We knew from the beginning that the recall was triggered by six cases of e. coli poisoning, five in Wisconsin and one in San Diego, CA. Both states' food safety authorities initiated searches for source of the contaminated meat. They soon connected the DNA of the e. coli strain to Rochester Meat, which issued its voluntary recall at the urging of the federal Department of Agriculture (USDA).
Early on in the recall, suspicion fell on the Tony Roma's restaurant chain as the source of the illnesses. Although no one said so at the time, food poisoning attorney Bill Marler has since indicated that Tony Roma's was the common thread between both the Wisconsin and California cases. Marler is currently representing the California victim and her family in a liability case against both Rochester Meat and Tony Roma's.
Neither Rochester nor Roma's has made any statement regarding their commercial relationship. Nor, under USDA regulations, is the federal agency allowed to make public the recipients of recalled meat. That information is regarded as proprietary and kept confidential in nearly every case. Early on in the Rochester recall, Marler and others called on the USDA to make the information public in the interest of informing and protecting consumers, but nothing was done—although Marler did note that both Rochester and Roma's had been visiting his legal blog site!
At least part of the secrecy that seems to shroud meat recalls stems from a rather startling fact: USDA cannot order a meat recall. They can urge a company to do so, and if necessary apply pressure by withdrawing operating licenses, but fundamentally meat recalls are voluntary measures undertaken by the producers themselves.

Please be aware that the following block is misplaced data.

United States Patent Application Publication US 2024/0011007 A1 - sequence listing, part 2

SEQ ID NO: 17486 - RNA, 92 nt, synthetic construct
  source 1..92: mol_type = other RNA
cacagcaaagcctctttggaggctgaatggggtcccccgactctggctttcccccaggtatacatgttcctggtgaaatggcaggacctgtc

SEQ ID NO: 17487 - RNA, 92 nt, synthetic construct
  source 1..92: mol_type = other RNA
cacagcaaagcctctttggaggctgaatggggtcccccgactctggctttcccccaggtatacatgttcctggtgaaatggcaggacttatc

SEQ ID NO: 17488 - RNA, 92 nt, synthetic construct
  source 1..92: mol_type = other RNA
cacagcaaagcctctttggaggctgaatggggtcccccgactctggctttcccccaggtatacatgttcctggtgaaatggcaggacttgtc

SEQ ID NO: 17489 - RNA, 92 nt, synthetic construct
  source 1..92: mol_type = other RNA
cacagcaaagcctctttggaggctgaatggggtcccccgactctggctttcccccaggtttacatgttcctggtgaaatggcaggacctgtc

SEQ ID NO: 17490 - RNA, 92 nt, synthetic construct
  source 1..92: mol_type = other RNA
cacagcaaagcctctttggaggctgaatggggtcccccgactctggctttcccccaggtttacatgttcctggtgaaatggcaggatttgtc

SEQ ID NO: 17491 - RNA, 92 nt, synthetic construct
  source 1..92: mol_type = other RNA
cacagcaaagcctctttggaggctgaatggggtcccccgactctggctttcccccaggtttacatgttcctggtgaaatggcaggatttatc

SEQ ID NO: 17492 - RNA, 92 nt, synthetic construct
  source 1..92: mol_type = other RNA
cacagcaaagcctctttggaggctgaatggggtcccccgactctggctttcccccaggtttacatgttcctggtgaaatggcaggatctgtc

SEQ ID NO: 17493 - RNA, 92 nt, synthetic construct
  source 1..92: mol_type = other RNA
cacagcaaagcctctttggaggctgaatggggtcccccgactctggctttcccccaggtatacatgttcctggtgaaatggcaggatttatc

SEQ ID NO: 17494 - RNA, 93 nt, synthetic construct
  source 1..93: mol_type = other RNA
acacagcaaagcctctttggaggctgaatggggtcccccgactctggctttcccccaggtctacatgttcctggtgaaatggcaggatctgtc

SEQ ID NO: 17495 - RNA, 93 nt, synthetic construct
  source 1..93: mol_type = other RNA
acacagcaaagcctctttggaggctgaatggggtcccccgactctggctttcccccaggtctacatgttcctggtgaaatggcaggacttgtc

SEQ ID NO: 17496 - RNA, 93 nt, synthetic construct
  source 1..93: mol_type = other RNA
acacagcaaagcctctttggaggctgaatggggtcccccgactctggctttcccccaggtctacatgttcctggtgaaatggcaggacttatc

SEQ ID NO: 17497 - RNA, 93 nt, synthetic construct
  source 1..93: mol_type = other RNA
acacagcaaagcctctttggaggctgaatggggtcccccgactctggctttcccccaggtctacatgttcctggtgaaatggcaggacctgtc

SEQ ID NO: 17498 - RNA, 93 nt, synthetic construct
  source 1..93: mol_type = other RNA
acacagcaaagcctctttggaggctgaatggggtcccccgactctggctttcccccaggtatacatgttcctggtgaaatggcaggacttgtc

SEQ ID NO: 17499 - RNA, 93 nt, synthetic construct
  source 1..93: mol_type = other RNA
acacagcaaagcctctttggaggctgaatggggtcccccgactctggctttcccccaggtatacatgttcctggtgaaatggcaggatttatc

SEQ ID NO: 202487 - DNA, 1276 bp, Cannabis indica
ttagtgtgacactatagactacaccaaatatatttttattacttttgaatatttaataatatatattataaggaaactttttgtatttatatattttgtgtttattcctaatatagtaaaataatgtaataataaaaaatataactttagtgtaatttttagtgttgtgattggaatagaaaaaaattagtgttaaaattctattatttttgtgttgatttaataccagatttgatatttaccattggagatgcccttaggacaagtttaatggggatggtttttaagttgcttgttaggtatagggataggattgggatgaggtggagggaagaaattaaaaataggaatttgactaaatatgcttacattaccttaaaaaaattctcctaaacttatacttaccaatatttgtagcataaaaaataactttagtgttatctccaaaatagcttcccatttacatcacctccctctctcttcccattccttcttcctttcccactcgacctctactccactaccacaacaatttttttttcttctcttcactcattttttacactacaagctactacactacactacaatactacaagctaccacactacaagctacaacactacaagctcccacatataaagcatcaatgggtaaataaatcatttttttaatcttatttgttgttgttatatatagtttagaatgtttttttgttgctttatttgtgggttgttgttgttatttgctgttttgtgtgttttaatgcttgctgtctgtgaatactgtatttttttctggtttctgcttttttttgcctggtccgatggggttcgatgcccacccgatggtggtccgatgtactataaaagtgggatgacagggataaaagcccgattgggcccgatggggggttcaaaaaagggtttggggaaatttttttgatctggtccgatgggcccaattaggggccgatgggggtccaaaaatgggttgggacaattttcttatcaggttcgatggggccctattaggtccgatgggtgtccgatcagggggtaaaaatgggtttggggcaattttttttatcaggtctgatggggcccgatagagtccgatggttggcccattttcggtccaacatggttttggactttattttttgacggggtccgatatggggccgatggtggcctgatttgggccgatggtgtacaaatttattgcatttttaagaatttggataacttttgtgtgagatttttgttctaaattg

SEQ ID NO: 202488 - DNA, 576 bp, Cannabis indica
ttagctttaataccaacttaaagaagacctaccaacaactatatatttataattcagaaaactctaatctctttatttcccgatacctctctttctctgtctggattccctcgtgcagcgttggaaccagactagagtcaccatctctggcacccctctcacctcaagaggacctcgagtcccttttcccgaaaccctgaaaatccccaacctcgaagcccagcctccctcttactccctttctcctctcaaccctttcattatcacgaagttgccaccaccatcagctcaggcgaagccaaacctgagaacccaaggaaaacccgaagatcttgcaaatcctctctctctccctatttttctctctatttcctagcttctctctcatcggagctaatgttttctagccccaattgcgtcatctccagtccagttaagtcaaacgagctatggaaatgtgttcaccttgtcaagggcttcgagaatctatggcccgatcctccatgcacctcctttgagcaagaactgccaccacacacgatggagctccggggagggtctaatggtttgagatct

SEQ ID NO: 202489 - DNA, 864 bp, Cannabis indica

This is not to say that meat producers and the USDA don't cooperate; the producers generally respond when USDA requests a recall, but the price of maintaining friendly relations is protection of company information from public scrutiny. We know about the Rochester/Tony Roma's connection only because of some competent investigation by attorneys for the victims in both states. It is not general public knowledge, however. Both companies probably want nothing more than to quietly settle their lawsuits, get a non-disclosure agreement as part of the settlement, and go on with business.
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Consider what might have happened if Tony Roma's had openly announced that they had received significant amounts of potentially contaminated meat, but had quickly and completely gotten it off the shelves and out of the refrigerators at all their outlets. Maybe they could have gone a step further and begun regular after-market testing and strict controls on cooking temperatures to ensure the safety of their products. Would their business have suffered?
Some people think not. Marler observed recently, "It's better to fess up and be open and honest with your consumers. It makes consumers more comfortable with your product, not less comfortable." If only...